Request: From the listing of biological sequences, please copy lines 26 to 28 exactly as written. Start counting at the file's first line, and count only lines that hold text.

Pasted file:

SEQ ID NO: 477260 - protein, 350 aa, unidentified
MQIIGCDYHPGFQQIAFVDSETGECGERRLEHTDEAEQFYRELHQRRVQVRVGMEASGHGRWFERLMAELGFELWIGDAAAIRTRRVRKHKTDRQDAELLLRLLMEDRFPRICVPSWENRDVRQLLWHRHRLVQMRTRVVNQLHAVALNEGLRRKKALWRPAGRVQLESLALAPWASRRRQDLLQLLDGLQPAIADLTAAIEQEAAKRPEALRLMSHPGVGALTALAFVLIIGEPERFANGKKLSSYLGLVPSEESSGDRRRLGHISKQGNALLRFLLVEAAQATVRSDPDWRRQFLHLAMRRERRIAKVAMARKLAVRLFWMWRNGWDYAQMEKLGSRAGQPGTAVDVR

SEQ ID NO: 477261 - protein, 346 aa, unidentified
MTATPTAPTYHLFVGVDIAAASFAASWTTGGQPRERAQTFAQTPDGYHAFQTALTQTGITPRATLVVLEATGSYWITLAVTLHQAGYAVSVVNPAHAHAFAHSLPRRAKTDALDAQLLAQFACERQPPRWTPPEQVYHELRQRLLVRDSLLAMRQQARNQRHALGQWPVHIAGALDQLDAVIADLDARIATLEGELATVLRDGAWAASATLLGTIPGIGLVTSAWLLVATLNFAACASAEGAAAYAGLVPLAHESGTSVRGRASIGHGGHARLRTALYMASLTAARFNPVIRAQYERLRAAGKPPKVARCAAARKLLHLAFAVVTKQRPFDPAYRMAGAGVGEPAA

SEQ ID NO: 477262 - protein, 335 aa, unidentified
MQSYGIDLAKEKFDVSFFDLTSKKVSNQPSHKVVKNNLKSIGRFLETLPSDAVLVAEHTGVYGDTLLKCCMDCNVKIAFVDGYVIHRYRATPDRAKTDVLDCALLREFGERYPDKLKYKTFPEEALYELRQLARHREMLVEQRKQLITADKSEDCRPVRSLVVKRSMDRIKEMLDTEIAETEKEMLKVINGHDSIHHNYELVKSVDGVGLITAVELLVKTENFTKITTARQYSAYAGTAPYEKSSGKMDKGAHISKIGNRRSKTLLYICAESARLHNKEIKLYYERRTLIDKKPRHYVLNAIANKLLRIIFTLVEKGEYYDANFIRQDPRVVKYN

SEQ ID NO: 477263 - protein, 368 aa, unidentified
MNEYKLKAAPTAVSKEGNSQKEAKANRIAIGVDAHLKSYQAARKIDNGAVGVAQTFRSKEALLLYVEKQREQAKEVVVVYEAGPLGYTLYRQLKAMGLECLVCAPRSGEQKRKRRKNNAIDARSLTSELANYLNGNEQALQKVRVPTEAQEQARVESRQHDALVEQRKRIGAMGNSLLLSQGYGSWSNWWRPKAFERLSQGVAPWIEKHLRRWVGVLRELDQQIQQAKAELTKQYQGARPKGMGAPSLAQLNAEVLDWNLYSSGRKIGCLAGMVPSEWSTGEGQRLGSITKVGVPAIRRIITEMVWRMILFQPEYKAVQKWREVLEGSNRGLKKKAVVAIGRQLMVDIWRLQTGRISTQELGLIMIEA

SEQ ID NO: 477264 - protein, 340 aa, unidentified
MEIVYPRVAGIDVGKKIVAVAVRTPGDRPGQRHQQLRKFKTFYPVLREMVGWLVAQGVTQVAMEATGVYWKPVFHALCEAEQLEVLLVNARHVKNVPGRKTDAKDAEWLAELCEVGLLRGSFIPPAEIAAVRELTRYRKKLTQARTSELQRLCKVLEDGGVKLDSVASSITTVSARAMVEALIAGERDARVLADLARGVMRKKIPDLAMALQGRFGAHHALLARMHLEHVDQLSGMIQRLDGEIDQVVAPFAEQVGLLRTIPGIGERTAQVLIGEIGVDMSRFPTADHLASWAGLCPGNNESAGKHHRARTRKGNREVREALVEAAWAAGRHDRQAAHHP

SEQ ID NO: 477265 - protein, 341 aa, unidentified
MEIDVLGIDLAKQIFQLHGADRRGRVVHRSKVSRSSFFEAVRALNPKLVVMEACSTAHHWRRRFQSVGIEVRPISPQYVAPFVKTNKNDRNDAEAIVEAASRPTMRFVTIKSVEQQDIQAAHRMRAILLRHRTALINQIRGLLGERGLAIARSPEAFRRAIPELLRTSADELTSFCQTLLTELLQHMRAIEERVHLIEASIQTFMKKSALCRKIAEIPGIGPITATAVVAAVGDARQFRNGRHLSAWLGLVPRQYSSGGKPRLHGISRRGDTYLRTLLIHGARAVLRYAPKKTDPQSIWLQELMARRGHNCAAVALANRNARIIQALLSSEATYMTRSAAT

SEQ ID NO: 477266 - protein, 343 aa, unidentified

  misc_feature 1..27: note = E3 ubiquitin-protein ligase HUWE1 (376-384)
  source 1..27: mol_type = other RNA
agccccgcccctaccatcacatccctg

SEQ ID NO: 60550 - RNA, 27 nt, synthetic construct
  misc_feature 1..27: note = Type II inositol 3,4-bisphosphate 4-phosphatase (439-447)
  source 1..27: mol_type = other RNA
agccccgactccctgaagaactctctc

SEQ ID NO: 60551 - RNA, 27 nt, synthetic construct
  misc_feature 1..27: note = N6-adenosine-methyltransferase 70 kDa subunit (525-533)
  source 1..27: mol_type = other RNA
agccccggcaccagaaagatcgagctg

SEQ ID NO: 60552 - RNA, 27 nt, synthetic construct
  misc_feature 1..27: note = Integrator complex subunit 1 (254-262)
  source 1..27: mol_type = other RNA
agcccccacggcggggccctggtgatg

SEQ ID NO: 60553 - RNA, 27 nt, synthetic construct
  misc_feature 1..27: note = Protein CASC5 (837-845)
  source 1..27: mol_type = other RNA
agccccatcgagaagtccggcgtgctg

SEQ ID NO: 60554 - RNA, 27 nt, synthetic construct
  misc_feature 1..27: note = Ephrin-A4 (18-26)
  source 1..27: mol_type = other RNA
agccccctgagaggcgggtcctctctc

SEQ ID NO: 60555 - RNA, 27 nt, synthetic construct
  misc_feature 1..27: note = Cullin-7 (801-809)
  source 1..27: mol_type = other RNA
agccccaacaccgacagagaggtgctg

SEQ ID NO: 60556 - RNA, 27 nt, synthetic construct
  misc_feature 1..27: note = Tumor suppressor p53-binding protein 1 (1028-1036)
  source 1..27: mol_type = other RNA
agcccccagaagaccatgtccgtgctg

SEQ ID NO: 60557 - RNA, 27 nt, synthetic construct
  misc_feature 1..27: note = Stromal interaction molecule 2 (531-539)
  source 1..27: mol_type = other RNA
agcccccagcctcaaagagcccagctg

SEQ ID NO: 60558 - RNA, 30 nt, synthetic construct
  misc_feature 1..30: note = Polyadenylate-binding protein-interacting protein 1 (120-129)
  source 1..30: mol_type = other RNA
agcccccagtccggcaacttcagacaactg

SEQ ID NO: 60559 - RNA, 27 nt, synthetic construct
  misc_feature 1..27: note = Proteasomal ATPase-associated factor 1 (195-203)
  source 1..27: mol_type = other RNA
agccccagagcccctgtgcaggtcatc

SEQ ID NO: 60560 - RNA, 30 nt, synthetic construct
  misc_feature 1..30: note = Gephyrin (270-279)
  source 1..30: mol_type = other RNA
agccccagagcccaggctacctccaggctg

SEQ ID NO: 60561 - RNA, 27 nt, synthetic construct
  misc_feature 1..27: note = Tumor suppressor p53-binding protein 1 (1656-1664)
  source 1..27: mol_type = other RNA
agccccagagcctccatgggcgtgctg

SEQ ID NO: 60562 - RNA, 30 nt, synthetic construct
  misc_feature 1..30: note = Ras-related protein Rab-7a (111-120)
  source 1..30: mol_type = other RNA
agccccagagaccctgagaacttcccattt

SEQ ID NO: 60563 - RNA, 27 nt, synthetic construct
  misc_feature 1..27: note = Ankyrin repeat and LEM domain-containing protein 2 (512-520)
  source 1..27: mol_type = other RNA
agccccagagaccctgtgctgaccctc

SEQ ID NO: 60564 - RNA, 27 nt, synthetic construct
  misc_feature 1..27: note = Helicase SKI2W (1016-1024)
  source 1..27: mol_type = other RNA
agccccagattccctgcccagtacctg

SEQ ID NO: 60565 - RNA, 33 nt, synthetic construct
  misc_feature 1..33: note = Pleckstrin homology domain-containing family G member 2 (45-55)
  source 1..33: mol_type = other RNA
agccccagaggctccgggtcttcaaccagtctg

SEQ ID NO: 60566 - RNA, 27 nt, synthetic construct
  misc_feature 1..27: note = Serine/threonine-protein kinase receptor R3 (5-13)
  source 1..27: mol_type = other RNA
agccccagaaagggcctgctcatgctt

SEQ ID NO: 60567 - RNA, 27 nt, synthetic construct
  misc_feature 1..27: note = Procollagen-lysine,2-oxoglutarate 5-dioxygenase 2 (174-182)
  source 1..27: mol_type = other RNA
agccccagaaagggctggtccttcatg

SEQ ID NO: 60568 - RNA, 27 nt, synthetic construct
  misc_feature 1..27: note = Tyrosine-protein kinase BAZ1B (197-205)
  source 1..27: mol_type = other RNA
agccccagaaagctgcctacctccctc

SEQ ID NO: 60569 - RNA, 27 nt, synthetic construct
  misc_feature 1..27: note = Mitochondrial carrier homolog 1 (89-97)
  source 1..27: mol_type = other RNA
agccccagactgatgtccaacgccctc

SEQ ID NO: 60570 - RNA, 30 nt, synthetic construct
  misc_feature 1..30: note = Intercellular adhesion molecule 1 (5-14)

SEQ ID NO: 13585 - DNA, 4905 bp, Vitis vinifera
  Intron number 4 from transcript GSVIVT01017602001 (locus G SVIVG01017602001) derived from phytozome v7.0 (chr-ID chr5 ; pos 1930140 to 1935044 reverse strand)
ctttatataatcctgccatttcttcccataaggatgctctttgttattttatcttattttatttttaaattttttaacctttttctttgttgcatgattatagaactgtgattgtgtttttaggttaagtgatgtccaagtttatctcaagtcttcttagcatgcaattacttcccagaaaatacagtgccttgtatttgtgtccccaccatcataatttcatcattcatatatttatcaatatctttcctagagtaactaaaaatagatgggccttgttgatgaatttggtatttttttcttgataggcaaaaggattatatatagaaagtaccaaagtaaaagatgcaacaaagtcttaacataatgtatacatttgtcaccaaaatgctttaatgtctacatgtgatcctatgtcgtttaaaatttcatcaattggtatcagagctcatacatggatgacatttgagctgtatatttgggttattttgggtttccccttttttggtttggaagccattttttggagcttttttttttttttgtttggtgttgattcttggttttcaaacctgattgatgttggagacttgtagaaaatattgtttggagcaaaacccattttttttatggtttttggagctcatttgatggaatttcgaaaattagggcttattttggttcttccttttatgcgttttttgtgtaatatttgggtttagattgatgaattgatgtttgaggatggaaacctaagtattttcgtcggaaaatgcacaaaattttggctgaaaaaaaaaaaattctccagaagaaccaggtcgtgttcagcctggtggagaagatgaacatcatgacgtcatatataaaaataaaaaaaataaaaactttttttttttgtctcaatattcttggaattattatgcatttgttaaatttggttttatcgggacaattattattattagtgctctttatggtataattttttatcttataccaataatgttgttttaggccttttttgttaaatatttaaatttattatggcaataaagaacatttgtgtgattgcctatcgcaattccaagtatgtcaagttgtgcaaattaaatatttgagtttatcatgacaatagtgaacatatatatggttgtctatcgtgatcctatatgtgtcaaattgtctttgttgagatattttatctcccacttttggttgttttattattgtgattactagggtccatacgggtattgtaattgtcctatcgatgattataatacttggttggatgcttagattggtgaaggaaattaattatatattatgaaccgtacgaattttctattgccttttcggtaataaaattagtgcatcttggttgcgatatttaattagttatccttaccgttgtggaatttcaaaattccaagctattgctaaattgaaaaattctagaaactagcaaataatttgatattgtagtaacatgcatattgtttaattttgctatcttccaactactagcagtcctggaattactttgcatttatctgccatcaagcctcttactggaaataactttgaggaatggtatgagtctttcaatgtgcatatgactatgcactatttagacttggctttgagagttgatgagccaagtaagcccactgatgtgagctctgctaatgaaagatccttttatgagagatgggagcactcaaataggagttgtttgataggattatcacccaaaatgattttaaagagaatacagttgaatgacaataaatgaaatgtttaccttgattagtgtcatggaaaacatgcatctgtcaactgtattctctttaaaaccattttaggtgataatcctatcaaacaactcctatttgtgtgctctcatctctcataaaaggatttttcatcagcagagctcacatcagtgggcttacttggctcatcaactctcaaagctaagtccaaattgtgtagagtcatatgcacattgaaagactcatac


  misc_feature 1..27: note = Integrator complex subunit 1 (254-262)
  source 1..27: mol_type = other RNA
agcccccacggcggggccctggtgatg